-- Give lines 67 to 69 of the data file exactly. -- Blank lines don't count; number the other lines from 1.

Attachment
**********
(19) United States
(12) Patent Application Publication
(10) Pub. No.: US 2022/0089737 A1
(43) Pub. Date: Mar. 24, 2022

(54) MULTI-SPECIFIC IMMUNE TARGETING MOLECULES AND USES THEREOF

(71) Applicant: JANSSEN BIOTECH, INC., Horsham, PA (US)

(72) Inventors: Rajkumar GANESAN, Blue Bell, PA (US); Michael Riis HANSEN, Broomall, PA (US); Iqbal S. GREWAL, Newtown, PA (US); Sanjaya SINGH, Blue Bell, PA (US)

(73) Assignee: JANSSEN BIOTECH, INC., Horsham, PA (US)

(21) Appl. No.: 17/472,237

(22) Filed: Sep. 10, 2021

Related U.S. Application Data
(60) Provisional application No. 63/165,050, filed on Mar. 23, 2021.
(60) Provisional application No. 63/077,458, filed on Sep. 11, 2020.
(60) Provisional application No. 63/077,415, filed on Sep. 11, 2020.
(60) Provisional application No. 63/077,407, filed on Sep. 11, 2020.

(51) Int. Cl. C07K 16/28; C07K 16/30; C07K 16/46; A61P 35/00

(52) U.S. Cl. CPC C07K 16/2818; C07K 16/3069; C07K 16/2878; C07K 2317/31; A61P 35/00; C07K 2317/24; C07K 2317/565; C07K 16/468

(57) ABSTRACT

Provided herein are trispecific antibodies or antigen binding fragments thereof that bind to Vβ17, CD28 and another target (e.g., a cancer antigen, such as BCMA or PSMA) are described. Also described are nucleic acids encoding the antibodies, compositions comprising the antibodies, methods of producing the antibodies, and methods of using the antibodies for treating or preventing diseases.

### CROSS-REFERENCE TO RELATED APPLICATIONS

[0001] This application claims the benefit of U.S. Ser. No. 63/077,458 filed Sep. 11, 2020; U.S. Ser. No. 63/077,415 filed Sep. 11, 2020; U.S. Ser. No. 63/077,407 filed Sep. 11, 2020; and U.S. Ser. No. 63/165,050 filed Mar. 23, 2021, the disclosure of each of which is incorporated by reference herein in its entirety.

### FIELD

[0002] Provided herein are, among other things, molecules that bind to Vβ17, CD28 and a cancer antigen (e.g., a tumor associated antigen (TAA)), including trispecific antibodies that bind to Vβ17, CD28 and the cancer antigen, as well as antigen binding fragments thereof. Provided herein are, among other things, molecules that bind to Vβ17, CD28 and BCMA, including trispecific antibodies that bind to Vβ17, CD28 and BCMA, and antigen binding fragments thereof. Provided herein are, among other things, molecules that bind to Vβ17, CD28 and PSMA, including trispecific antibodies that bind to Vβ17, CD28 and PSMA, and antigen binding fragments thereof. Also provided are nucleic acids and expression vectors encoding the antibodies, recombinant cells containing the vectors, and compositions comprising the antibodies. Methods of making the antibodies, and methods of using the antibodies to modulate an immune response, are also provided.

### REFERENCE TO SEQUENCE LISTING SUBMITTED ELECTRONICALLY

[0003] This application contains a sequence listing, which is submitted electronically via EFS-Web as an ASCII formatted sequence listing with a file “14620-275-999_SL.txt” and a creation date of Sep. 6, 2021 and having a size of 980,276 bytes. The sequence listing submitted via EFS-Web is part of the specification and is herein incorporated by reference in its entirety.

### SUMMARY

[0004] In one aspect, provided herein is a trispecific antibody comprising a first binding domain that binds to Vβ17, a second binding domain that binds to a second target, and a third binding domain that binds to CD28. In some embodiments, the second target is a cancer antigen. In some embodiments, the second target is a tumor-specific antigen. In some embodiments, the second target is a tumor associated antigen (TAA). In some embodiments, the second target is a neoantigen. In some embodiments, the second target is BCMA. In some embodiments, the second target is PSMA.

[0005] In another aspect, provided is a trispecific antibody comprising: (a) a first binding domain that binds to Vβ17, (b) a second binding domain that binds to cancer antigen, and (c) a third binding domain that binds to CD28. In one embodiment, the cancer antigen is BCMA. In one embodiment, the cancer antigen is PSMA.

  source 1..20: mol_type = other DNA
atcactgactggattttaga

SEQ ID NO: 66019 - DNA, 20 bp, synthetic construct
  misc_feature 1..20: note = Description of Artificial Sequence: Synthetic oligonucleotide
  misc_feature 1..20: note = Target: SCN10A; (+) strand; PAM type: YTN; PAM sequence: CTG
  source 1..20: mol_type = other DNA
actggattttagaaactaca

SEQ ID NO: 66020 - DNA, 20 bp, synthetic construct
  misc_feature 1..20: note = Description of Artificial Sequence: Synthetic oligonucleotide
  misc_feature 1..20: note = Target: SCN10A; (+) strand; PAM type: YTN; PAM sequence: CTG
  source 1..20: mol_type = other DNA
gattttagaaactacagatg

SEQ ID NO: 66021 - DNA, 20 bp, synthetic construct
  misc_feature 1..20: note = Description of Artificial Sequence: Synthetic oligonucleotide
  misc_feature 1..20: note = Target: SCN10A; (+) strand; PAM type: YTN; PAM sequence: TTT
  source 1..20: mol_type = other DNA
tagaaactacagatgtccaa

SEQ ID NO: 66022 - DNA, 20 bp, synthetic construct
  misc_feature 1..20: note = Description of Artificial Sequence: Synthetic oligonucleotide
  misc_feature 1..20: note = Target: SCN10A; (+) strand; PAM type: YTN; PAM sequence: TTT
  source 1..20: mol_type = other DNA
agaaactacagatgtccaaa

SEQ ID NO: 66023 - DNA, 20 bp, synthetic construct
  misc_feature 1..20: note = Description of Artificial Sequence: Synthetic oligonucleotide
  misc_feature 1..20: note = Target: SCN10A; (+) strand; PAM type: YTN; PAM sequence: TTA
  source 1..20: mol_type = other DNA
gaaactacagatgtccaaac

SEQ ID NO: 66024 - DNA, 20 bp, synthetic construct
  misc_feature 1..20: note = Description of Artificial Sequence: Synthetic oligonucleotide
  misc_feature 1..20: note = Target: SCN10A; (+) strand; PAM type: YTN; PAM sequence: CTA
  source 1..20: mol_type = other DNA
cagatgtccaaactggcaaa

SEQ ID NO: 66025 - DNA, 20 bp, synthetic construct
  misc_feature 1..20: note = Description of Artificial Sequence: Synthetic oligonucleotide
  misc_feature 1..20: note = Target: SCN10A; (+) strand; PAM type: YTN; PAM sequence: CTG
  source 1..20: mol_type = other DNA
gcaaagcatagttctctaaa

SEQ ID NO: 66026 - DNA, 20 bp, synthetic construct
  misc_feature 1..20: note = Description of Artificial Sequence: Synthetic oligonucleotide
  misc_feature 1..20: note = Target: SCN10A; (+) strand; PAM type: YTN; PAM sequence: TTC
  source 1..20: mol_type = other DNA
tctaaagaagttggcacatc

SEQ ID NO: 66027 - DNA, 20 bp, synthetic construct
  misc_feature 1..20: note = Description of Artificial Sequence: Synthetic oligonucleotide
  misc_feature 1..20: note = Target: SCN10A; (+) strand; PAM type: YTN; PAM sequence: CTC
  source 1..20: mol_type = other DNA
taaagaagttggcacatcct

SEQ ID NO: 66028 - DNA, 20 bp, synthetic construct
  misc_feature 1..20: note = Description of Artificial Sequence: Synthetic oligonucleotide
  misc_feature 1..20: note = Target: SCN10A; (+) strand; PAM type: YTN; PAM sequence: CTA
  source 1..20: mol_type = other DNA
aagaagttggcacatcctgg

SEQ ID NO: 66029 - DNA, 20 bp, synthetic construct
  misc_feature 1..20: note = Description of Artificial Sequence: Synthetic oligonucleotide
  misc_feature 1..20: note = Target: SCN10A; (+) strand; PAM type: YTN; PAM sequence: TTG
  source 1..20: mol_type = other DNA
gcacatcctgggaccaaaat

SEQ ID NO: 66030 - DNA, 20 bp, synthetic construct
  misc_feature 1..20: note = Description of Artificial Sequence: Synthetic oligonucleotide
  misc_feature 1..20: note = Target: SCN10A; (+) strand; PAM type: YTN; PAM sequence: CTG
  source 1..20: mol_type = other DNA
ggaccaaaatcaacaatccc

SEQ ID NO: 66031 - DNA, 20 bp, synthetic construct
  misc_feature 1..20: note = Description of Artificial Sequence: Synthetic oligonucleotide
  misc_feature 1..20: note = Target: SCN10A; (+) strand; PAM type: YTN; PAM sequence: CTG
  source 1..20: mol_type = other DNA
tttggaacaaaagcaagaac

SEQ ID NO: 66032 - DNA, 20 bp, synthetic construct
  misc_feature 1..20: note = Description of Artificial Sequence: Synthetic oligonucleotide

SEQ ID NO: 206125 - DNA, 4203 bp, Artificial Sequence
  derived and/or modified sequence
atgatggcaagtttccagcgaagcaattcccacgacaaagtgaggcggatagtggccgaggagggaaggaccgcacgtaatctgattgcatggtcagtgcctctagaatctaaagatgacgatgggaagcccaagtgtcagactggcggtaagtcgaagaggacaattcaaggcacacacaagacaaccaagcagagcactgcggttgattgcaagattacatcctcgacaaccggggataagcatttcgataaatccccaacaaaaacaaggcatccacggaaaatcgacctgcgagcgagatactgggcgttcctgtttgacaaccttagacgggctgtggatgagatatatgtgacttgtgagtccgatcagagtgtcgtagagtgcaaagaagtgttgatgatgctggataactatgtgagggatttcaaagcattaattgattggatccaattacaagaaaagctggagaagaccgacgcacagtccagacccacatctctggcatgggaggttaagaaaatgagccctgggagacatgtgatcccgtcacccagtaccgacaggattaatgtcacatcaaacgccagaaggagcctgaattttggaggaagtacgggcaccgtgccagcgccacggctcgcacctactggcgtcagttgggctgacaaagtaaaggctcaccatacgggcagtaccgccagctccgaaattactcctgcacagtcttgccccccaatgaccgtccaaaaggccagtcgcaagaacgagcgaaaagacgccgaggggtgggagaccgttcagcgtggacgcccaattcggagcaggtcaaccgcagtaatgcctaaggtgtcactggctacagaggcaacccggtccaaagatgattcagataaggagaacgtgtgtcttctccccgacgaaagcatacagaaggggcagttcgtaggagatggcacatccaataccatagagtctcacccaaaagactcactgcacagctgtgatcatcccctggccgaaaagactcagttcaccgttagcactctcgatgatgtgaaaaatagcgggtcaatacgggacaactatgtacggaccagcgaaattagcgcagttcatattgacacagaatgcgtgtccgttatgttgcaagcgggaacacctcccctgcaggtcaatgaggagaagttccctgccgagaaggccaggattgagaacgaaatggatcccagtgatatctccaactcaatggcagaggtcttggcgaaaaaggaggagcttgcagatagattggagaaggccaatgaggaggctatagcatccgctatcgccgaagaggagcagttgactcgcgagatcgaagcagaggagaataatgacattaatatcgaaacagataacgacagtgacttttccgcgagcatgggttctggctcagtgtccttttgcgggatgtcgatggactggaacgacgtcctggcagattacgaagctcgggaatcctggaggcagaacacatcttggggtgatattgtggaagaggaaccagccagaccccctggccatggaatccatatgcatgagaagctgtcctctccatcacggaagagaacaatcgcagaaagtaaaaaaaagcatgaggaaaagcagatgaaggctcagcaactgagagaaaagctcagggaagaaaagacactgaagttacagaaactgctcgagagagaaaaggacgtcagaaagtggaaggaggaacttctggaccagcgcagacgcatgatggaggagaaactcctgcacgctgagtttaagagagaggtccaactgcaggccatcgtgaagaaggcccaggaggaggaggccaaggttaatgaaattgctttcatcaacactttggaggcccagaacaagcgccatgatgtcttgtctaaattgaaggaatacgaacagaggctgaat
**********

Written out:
  misc_feature 1..20: note = Description of Artificial Sequence: Synthetic oligonucleotide
  misc_feature 1..20: note = Target: SCN10A; (+) strand; PAM type: YTN; PAM sequence: TTC
  source 1..20: mol_type = other DNA